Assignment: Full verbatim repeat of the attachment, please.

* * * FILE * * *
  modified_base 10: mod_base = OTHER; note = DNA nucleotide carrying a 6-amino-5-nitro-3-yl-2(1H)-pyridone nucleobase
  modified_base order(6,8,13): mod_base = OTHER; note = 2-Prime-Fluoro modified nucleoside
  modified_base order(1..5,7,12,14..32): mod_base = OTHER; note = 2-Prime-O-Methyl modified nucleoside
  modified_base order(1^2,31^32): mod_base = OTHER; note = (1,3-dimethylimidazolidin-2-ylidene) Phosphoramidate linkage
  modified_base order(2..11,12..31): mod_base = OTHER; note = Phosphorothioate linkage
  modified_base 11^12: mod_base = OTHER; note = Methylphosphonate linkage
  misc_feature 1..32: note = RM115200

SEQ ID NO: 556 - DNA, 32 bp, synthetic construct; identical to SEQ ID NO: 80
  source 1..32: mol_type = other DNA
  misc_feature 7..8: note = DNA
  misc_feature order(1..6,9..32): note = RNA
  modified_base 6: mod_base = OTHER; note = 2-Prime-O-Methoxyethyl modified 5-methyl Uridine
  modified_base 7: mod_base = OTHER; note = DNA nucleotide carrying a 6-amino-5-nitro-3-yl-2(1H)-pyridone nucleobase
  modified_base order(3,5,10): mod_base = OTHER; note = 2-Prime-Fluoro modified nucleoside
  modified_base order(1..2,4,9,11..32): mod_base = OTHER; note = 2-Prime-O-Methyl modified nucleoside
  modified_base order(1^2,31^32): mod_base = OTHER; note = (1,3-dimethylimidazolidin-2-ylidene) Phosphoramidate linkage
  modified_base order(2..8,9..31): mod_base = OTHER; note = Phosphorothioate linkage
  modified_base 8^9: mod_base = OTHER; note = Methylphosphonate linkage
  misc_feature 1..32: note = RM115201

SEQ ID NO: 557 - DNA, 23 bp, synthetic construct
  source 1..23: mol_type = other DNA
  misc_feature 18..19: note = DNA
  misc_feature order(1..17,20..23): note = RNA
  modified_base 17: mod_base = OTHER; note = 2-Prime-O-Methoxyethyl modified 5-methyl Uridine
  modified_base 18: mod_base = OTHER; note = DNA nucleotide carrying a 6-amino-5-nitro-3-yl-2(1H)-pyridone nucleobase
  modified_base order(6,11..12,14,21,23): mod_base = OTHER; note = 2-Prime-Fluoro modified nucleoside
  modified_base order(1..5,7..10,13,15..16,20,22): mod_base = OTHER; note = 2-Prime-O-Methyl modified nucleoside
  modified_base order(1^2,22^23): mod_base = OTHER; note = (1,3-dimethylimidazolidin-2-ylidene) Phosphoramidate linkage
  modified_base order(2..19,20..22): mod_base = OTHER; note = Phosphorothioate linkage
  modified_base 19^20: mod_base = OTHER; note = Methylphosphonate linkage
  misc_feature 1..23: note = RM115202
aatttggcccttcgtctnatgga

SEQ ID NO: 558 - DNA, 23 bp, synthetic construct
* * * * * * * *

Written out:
  modified_base 10: mod_base = OTHER; note = DNA nucleotide carrying a 6-amino-5-nitro-3-yl-2(1H)-pyridone nucleobase
  modified_base order(6,8,13): mod_base = OTHER; note = 2-Prime-Fluoro modified nucleoside
  modified_base order(1..5,7,12,14..32): mod_base = OTHER; note = 2-Prime-O-Methyl modified nucleoside
  modified_base order(1^2,31^32): mod_base = OTHER; note = (1,3-dimethylimidazolidin-2-ylidene) Phosphoramidate linkage
  modified_base order(2..11,12..31): mod_base = OTHER; note = Phosphorothioate linkage
  modified_base 11^12: mod_base = OTHER; note = Methylphosphonate linkage
  misc_feature 1..32: note = RM115200

SEQ ID NO: 556 - DNA, 32 bp, synthetic construct; identical to SEQ ID NO: 80
  source 1..32: mol_type = other DNA
  misc_feature 7..8: note = DNA
  misc_feature order(1..6,9..32): note = RNA
  modified_base 6: mod_base = OTHER; note = 2-Prime-O-Methoxyethyl modified 5-methyl Uridine
  modified_base 7: mod_base = OTHER; note = DNA nucleotide carrying a 6-amino-5-nitro-3-yl-2(1H)-pyridone nucleobase
  modified_base order(3,5,10): mod_base = OTHER; note = 2-Prime-Fluoro modified nucleoside
  modified_base order(1..2,4,9,11..32): mod_base = OTHER; note = 2-Prime-O-Methyl modified nucleoside
  modified_base order(1^2,31^32): mod_base = OTHER; note = (1,3-dimethylimidazolidin-2-ylidene) Phosphoramidate linkage
  modified_base order(2..8,9..31): mod_base = OTHER; note = Phosphorothioate linkage
  modified_base 8^9: mod_base = OTHER; note = Methylphosphonate linkage
  misc_feature 1..32: note = RM115201

SEQ ID NO: 557 - DNA, 23 bp, synthetic construct
  source 1..23: mol_type = other DNA
  misc_feature 18..19: note = DNA
  misc_feature order(1..17,20..23): note = RNA
  modified_base 17: mod_base = OTHER; note = 2-Prime-O-Methoxyethyl modified 5-methyl Uridine
  modified_base 18: mod_base = OTHER; note = DNA nucleotide carrying a 6-amino-5-nitro-3-yl-2(1H)-pyridone nucleobase
  modified_base order(6,11..12,14,21,23): mod_base = OTHER; note = 2-Prime-Fluoro modified nucleoside
  modified_base order(1..5,7..10,13,15..16,20,22): mod_base = OTHER; note = 2-Prime-O-Methyl modified nucleoside
  modified_base order(1^2,22^23): mod_base = OTHER; note = (1,3-dimethylimidazolidin-2-ylidene) Phosphoramidate linkage
  modified_base order(2..19,20..22): mod_base = OTHER; note = Phosphorothioate linkage
  modified_base 19^20: mod_base = OTHER; note = Methylphosphonate linkage
  misc_feature 1..23: note = RM115202
aatttggcccttcgtctnatgga

SEQ ID NO: 558 - DNA, 23 bp, synthetic construct